retail news in context, analysis with attitude

Excellent story in the New York Times about high-profile chefs who currently are running some of the nation's most prestigious and gastronomically adventurous restaurants, but who got much of their training and early experience working at the likes of Applebee's, IHOP, and Wendy's.

There's actually a pretty good reason for taking this route, the Times writes:

"Chain restaurants are often accused of a sterile uniformity and a lack of attention to quality ingredients, nutrition and the environment. But for anyone trying to enter the restaurant business, they have particular attractions: formalized training, efficient operations, predictable schedules and corporate policies that claim to discourage the kind of abuses that have come to light in the #MeToo era. The pay is sometimes better than at independent restaurants, and the Affordable Care Act requires companies with 50 or more full-time employees to provide health insurance.

"They also have the jobs. In 2017, the number of independent restaurants in the United States fell by almost 11,000, to 346,100, from the previous year, according to an analysis by the NPD Group, a market research company. But the number of chain restaurants rose by almost 1,000, to 301,200.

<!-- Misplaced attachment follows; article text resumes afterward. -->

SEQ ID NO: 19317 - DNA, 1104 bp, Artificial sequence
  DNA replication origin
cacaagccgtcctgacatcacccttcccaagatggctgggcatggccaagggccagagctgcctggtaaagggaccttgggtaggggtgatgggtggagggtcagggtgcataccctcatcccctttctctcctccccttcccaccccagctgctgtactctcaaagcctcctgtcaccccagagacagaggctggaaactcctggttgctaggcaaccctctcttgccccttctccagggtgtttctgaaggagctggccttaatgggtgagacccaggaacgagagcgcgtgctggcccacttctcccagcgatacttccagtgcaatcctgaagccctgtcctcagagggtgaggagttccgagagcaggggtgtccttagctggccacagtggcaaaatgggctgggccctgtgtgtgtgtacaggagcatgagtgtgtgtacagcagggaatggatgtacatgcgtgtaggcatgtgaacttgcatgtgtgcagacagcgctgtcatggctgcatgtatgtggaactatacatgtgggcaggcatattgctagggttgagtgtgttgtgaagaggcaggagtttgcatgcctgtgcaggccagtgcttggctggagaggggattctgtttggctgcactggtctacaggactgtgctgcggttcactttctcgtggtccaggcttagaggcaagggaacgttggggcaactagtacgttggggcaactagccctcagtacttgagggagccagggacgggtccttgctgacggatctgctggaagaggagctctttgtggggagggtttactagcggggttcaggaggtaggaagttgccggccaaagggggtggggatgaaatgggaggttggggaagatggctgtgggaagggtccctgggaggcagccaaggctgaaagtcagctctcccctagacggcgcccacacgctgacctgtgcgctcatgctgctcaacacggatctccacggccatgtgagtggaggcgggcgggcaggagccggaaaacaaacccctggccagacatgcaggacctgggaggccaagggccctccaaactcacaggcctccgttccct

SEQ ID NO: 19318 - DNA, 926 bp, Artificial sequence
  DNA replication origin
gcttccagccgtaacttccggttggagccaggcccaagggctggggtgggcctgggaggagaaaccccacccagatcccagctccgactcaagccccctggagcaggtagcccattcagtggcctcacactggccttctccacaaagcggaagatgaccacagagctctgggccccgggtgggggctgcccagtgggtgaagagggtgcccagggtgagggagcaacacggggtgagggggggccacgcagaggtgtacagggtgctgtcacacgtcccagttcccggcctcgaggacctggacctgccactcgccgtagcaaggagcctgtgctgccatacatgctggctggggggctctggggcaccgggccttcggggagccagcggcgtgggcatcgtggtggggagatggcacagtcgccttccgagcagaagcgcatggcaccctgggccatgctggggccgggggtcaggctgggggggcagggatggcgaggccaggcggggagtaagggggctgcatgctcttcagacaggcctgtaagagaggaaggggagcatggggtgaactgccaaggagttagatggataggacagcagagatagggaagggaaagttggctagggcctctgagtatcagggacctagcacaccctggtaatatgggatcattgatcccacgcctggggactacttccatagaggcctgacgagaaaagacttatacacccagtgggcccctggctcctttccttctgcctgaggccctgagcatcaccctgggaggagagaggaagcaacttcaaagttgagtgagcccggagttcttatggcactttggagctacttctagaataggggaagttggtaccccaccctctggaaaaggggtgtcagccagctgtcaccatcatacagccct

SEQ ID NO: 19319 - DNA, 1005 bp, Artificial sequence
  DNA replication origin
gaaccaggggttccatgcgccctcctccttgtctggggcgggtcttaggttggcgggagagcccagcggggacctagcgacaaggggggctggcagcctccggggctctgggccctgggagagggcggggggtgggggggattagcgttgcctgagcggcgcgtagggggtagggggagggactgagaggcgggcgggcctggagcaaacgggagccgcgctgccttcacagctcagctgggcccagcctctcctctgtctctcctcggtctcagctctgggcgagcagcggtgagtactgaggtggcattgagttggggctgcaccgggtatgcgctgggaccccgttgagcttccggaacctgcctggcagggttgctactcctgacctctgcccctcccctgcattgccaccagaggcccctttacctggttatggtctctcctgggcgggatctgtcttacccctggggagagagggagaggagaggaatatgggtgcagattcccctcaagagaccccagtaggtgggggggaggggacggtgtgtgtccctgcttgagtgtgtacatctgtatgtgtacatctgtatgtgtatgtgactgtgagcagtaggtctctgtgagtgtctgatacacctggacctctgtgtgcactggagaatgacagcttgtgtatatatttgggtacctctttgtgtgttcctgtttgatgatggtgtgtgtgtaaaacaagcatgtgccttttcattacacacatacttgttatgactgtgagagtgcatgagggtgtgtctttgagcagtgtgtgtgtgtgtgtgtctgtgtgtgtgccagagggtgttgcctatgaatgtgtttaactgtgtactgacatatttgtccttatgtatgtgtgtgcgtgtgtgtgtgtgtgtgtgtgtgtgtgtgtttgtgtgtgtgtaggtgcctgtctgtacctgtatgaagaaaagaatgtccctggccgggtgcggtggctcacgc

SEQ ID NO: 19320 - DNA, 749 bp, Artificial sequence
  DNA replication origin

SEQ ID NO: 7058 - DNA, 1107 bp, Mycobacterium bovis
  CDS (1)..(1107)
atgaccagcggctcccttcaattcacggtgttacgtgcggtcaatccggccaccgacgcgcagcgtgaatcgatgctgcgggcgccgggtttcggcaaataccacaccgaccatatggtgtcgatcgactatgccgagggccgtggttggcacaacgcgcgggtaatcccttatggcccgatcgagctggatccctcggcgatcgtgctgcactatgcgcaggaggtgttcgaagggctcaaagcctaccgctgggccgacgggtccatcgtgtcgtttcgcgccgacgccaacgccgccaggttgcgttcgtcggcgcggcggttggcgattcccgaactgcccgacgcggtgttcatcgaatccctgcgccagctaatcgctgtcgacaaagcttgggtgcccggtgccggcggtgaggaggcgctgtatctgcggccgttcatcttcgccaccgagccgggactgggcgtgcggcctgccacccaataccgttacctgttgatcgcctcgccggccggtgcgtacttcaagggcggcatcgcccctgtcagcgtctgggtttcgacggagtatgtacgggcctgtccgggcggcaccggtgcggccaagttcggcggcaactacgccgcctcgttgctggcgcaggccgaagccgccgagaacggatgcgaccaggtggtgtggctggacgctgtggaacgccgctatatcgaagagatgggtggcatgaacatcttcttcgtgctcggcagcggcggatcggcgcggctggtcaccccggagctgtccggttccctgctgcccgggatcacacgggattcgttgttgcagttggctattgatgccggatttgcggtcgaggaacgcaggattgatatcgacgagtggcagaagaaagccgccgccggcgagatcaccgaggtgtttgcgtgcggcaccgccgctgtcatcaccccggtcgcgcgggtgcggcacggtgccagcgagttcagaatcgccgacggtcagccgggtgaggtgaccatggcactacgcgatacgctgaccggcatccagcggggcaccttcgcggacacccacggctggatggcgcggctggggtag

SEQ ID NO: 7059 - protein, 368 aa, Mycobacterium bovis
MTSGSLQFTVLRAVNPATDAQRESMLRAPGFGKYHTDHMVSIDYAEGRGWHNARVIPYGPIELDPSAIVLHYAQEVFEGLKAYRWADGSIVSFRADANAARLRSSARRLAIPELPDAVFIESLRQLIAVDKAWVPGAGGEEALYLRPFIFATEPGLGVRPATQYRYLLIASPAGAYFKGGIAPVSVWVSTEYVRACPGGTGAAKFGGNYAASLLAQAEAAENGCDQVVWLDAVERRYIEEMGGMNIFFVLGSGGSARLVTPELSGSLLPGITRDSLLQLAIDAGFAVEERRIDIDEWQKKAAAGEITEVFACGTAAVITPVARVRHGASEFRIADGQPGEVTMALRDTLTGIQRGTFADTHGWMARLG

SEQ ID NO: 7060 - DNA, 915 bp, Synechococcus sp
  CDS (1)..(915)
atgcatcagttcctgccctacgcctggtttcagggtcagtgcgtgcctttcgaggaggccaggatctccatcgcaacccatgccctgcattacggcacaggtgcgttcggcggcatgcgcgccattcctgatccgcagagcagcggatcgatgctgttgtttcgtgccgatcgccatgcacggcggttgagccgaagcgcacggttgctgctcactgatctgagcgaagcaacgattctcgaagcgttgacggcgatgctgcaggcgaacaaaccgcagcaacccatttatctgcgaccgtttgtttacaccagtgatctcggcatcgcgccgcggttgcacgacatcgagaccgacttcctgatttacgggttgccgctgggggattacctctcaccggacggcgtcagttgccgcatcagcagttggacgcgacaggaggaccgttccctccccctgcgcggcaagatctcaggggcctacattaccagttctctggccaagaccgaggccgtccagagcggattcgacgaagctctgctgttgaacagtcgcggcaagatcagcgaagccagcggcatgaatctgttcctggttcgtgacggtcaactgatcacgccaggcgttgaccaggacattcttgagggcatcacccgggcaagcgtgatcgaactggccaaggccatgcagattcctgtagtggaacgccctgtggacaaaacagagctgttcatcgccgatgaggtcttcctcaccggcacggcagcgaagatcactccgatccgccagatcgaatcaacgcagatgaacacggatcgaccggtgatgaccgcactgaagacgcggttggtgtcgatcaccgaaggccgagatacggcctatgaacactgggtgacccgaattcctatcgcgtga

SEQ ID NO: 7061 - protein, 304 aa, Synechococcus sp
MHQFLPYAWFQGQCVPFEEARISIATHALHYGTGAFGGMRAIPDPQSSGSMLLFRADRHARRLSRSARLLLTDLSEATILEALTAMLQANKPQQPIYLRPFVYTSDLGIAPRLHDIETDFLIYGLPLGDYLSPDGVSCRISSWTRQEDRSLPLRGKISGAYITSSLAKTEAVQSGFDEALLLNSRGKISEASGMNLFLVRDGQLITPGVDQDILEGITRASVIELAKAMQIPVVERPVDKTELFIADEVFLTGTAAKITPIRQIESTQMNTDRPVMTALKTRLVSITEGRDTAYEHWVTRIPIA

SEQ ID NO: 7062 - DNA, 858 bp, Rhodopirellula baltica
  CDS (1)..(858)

"At the same time, enrollment in culinary schools is declining; at the New England Culinary Institute in Vermont, for example, enrollment dropped to about 300 in 2017, from 800 in 1999, according to The Associated Press.

"As chains claim a larger slice of the restaurant business, they may become an increasingly common, and far more accessible, path to a career as a chef."

There you have it, and you can read more about it here.
KC's View:
It seems to me that food retailers need to figure out how to get a piece of this action … after all, many of them are known for "formalized training, efficient operations, predictable schedules and corporate policies that claim to discourage the kind of abuses that have come to light in the #MeToo era." And ambitious cooks and chefs could help them raise their games.

I continue to believe that traditional retailers ought to make deals with local chefs and give them temporary space where they can ply their trade, create a little in-store excitement, and develop a reputation … and then ought to rotate them in and out of their stores on a regular basis. Turning their stores into culinary laboratories and experiences could have a tremendously positive impact.